Gonçalo Galvão Teles
Gonçalo Galvão Teles graduated from the University of Lisbon with a Law Degree before traveling to the United States to complete the Master's Program in Screenwriting at the prestigious University of Southern California (USC).
Upon returning to Portugal, his first produced screenplay, the animated short "The Suspicion", went on to win the Cartoon D'Or for Best European Animation of the year 2000.
Since then, Gonçalo has developed a career as writer, director and producer of more than twenty films and is presently directing his new feature film "Ice", scheduled for released in the Spring of 2014. He is a full professor at the film department at Universidade Lusófona.
James Mavor leads the postgraduate courses in screenwriting at Screen Academy Scotland, Edinburgh Napier University - one of only three Film Academies in the UK.
The MA Screenwriting is accredited by Creative Skillset and regularly attracts a diverse cohort of international and UK students. The course takes a general approach covering writing and development for film, TV and the new digital platforms. Close contact with industry professionals is a key element of the programme.
James combines teaching with his work as a professional screenwriter. His credits for television span 20 years across soaps, series and single dramas, including The Bill, Monarch of the Glen and Split Second, a TV movie starring Clive Owen and Helen McCrory.
He has also written award-winning work in short film, theatre, radio and short fiction.
Since joining Screen Academy Scotland in 2007, James has been involved in a number of adaptations and collaborations with crime author Ian Rankin, including Reichenbach Falls (2007) and Doors Open (2012), a 120' comedy thriller for ITV produced by and starring Stephen Fry.
Recent work includes script development with Edinburgh-based, Bafta-winning animation team Will Anderson and Ainslie Henderson on Dom, their debut feature doc.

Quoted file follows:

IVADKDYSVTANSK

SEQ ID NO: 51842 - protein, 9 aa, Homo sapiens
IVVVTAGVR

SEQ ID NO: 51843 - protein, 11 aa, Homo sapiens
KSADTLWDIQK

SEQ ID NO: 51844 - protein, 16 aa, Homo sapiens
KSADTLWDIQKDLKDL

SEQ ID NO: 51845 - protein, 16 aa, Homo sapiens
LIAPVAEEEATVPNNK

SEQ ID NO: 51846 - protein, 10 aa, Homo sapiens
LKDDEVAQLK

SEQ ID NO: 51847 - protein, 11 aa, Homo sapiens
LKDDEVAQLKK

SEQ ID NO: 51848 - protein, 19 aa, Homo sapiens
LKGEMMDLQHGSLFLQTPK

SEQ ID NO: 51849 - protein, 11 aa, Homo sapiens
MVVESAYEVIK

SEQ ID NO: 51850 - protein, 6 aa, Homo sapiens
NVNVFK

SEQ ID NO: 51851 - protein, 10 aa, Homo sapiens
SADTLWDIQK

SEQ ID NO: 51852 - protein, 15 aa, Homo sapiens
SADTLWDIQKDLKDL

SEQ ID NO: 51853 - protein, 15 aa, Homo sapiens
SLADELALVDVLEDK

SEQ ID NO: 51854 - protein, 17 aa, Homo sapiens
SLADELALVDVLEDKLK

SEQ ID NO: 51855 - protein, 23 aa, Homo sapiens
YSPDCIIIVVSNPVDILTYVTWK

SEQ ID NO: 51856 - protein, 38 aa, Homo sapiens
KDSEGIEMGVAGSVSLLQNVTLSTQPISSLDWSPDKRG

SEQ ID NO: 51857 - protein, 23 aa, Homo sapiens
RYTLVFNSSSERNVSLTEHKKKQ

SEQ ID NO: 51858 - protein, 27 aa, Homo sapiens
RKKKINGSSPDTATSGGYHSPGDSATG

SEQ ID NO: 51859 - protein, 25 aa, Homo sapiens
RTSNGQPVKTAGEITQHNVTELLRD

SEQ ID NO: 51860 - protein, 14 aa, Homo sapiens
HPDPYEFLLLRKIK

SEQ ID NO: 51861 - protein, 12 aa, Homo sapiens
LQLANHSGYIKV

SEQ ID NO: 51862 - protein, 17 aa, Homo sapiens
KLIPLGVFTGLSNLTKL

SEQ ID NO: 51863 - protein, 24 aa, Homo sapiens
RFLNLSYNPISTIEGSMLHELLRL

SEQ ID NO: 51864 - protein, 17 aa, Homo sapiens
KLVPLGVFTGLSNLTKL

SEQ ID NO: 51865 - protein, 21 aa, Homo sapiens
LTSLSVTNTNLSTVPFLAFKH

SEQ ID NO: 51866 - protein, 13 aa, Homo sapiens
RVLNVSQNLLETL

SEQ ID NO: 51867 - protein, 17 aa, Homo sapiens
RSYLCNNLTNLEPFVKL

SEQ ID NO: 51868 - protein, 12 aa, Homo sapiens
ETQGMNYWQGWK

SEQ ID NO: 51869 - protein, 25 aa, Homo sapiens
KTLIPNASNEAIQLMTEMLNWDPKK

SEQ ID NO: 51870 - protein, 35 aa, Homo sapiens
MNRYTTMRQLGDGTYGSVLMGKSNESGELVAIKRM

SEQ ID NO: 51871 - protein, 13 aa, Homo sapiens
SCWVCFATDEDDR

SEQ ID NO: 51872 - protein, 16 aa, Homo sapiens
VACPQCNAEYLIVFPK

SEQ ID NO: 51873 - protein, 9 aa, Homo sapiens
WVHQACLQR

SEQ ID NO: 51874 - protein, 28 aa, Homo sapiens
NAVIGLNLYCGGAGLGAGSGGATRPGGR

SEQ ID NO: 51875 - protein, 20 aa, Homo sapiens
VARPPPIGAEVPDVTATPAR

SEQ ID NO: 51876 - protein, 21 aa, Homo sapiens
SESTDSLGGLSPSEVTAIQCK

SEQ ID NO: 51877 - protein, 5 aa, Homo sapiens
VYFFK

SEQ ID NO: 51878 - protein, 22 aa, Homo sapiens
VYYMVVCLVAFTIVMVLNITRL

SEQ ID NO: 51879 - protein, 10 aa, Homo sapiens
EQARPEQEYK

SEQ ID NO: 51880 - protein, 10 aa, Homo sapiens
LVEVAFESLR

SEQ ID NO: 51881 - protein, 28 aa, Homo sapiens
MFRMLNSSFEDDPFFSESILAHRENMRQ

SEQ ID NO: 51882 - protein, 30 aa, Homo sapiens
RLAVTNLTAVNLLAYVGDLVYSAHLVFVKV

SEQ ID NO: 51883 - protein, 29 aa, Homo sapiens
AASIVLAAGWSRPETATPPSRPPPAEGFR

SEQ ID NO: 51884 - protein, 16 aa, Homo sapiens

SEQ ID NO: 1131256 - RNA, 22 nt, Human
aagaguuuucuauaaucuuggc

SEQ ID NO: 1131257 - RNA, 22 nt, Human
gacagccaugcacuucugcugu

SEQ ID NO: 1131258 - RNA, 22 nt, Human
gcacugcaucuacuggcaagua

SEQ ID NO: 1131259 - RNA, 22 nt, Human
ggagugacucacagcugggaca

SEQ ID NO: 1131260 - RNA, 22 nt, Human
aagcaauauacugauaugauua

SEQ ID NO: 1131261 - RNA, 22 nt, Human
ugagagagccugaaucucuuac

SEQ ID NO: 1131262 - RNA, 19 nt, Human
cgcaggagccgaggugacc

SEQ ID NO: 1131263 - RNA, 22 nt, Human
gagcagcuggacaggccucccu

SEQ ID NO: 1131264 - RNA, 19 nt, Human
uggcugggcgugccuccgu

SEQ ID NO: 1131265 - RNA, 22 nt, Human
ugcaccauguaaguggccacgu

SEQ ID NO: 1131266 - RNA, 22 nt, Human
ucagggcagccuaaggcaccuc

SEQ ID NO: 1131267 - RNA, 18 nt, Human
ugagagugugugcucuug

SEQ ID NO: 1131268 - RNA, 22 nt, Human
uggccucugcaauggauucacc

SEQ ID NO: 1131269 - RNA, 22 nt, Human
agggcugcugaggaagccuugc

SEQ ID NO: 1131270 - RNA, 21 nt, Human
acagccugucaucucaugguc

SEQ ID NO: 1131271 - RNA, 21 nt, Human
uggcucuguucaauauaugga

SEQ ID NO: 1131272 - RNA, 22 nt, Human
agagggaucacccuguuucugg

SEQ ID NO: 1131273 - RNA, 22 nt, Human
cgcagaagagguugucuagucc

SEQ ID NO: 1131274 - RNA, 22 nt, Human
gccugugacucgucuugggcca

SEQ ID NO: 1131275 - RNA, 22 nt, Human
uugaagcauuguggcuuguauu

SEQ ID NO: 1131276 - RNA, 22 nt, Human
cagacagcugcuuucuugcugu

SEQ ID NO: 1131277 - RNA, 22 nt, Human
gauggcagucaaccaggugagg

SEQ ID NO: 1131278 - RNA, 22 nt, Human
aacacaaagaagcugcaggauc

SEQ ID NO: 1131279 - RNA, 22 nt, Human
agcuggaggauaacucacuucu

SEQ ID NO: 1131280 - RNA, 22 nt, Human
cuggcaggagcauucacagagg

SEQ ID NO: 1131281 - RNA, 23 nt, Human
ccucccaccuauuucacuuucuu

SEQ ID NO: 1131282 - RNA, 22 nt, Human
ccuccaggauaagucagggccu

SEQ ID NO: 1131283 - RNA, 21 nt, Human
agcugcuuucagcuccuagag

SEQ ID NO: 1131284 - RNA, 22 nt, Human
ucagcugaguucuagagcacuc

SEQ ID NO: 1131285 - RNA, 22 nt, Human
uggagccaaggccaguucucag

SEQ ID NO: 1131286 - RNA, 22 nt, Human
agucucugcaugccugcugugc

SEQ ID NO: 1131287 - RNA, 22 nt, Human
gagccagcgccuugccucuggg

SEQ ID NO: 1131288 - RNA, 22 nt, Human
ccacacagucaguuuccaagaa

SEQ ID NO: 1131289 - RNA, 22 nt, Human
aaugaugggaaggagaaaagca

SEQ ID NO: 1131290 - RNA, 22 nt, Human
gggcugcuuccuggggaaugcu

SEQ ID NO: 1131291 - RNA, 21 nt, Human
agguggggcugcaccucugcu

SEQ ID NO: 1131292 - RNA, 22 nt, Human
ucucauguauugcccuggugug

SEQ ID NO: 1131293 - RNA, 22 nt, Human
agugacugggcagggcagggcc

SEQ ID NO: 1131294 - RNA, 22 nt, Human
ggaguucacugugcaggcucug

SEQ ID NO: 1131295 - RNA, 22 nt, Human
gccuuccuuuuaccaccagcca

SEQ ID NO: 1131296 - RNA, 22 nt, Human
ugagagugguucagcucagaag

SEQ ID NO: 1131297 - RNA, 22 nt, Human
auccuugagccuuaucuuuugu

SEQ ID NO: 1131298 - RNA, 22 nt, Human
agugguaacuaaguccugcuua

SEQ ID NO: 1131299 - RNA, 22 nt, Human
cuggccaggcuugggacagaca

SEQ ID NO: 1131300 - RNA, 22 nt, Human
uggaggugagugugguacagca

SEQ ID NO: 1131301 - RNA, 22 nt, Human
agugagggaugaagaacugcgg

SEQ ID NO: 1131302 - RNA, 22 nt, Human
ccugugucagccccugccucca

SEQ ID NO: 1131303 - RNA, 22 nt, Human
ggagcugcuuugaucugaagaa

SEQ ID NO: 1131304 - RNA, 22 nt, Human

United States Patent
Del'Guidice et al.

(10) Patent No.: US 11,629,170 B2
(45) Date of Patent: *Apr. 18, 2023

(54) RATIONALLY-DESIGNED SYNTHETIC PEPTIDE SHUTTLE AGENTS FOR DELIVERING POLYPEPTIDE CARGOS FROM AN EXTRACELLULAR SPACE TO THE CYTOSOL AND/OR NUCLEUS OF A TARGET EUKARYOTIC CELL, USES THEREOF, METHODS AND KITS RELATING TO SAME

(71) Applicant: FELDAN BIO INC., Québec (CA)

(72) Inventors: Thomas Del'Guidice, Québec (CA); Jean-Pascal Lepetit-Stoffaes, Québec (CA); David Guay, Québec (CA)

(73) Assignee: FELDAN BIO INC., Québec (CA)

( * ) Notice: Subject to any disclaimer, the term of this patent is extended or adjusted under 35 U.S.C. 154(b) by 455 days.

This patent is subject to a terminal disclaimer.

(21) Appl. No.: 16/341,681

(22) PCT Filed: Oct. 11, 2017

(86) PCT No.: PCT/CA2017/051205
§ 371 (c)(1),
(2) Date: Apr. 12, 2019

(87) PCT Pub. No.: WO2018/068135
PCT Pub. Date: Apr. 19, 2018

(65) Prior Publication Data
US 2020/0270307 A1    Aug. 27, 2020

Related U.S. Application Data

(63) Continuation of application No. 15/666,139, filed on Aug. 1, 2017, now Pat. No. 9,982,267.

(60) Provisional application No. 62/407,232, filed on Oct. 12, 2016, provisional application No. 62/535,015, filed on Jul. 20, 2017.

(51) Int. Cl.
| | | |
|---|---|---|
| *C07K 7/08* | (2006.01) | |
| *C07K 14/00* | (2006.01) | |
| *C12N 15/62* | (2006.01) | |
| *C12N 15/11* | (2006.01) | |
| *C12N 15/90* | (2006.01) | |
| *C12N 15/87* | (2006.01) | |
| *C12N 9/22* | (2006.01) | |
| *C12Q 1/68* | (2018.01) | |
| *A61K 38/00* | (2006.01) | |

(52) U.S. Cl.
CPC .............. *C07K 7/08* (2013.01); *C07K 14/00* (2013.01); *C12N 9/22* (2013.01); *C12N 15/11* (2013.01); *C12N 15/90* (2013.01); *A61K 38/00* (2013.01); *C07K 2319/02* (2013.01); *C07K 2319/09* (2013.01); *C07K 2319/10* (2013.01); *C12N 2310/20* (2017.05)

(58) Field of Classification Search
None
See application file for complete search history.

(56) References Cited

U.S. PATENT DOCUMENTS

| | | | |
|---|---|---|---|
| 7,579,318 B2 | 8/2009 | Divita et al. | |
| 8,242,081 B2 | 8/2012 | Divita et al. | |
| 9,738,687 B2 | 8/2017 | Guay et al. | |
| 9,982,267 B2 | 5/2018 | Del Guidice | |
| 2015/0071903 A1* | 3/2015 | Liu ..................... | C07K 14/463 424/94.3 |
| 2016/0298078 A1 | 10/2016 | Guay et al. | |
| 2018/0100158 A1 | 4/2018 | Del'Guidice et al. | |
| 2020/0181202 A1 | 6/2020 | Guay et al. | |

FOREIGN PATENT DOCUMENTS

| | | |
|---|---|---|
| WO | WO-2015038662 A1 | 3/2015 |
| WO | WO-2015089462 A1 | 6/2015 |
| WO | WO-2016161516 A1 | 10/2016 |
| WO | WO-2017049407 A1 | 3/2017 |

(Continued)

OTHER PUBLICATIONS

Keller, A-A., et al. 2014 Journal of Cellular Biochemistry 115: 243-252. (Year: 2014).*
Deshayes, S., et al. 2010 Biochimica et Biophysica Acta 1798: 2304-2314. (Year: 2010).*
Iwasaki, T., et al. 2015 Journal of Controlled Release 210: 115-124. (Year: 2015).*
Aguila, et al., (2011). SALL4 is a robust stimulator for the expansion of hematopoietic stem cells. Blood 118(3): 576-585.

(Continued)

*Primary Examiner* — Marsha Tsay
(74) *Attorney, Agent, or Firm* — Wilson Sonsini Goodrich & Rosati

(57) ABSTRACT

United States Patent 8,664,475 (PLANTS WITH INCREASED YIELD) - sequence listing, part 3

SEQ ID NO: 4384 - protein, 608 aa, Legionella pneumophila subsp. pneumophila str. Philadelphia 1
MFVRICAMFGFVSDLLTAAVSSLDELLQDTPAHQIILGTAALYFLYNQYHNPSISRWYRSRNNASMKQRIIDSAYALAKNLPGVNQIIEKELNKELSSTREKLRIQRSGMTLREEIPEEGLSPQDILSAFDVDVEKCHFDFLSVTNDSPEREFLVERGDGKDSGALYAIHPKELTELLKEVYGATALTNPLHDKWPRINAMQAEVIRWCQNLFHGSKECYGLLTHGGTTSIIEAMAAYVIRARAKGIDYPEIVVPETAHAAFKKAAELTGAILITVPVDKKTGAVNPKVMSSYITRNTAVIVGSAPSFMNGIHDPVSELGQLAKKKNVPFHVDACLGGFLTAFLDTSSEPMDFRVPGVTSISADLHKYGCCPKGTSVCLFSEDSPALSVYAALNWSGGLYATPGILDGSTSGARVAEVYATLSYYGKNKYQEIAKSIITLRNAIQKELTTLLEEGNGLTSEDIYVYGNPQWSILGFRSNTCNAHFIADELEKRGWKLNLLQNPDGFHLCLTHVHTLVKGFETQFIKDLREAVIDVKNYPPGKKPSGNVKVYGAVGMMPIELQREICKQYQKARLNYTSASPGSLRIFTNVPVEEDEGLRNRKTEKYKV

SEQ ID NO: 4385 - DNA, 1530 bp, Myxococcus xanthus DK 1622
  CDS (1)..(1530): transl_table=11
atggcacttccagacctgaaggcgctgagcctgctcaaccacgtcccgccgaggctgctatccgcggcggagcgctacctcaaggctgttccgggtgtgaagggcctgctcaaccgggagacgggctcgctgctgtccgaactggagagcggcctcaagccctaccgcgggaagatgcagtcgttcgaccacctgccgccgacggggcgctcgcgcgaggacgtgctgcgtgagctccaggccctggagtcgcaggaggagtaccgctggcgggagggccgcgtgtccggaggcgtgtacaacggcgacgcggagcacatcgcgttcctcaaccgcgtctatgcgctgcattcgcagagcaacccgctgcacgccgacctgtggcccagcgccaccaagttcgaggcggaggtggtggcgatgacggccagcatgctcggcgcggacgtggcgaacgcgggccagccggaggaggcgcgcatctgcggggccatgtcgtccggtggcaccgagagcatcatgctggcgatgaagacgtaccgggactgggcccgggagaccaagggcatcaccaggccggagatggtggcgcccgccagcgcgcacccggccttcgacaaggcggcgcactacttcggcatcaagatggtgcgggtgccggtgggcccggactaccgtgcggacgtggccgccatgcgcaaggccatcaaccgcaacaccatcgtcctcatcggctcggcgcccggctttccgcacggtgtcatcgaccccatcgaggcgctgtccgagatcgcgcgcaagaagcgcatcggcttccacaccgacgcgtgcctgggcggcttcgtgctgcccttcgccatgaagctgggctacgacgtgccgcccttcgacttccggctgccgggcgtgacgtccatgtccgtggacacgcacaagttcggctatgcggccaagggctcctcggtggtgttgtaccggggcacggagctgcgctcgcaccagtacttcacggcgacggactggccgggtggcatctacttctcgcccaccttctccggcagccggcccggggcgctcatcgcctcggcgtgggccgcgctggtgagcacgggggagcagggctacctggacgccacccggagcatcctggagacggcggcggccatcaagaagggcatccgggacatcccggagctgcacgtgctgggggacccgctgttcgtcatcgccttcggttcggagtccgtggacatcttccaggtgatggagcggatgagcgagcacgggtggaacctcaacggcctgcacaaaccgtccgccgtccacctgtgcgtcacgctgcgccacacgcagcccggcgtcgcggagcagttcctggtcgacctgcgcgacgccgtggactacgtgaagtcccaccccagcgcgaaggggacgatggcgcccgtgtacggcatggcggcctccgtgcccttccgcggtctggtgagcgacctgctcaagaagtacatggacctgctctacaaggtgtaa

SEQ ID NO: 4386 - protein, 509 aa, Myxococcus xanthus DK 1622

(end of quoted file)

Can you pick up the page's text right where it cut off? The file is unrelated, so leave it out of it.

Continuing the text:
James is working with producer John McKay on Berwick Law, a low budget feature film in development with BFI/Scottish Film Talent Network, and on Chosen, a spooky TV series set in Estonia, with John McKay's Compact Pictures and Allfilm in Estonia.
Research interests include adaptation and developing collaborative projects and links between students and industry.
Manuel José Damásio
Manuel is a full professor and the head of the film and media art department at Lusófona University.
He obtained his tenure in 2011 from Minho University in Portugal and holds a PhD in media studies from Universidade Nova de Lisboa.
He has worked as a trainer, consultant and producer in the audiovisual industry at a European and international level for more than twenty years and has a strong past experience as head researcher and project manager in several national and European research and development projects.
Mart Raun is a director and cinematographer, lecturer at the BFM since 2012. He has worked as cinematographer for feature, documentary, short films, commercials and as a freelance storyboard artist and illustrator for films and hundreds of commercials.
For ten years he has also worked as gaffer and electrician for films and commercials and as a freelance Assistant Camera and DIT for films and commercials (35mm, 16mm, HD, HDV). In addition to filmmaking and teaching he has been writing about films since 2012 and is currently a film critic for Estonian newspaper Äripäev, one of the most successful economic newspapers in Europe.
Mart Raun is also the course coordinator of Viewfinder JMD programme.
Paul Freaney lectures in Film Studies and Screenwriting at the National Film School, at IADT. He originally designed and launched the institutes' Masters in Screenwriting and is the Programme Chair of that programme. It has been running now for twenty years and has built a reputation as one of the finest courses of its kind in Europe.
In 2014 he wrote and directed the short film drama - "These Dog Days". It Premiered at the Indie Cork Film Festival and played the Cork Film Festival in 2015. He has developed a number of feature scripts with directors, producers and recently developed a feature "I'm A Wheel" with a Screen Ireland development loan. His most recent screenplay is a contemporary drama entitled "It's Like This". He is on the Board of Directors of the Guestbook Project Foundation, founded by Professor Richard Kearney of Boston College; the foundation promotes peace building in divided Communities through shared storytelling. He is also a member of the Emmy awards screenwriting-judging panel.
Sandra Rocha studied Communication Sciences and Audiovisual and is currently responsible for the Cooperation Projects Office for the Film and Media Arts Department at Lusófona University.
For the past 17 years she has been managing all cooperation actions between partners, both from academia and industry, namely several cooperation projects under Media Programme Training and Erasmus Plus. She is the consortium coordinator for KEM and local manager for Docnomads.